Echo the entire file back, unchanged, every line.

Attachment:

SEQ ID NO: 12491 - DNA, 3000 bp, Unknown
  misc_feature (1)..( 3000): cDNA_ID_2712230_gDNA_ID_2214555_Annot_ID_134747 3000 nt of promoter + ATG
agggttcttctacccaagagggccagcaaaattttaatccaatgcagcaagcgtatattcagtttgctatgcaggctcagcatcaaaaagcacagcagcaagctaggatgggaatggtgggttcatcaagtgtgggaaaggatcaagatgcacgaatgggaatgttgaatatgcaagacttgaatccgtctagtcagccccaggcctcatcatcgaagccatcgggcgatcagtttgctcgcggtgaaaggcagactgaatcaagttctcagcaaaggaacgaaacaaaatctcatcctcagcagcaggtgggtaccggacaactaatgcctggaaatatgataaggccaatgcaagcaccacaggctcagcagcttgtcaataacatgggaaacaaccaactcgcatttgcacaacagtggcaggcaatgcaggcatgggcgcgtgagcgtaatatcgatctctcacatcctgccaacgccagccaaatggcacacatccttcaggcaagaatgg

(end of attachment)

SEQ ID NO: 12491 - DNA, 3000 bp, Unknown
  misc_feature (1)..( 3000): cDNA_ID_2712230_gDNA_ID_2214555_Annot_ID_134747 3000 nt of promoter + ATG
agggttcttctacccaagagggccagcaaaattttaatccaatgcagcaagcgtatattcagtttgctatgcaggctcagcatcaaaaagcacagcagcaagctaggatgggaatggtgggttcatcaagtgtgggaaaggatcaagatgcacgaatgggaatgttgaatatgcaagacttgaatccgtctagtcagccccaggcctcatcatcgaagccatcgggcgatcagtttgctcgcggtgaaaggcagactgaatcaagttctcagcaaaggaacgaaacaaaatctcatcctcagcagcaggtgggtaccggacaactaatgcctggaaatatgataaggccaatgcaagcaccacaggctcagcagcttgtcaataacatgggaaacaaccaactcgcatttgcacaacagtggcaggcaatgcaggcatgggcgcgtgagcgtaatatcgatctctcacatcctgccaacgccagccaaatggcacacatccttcaggcaagaatgg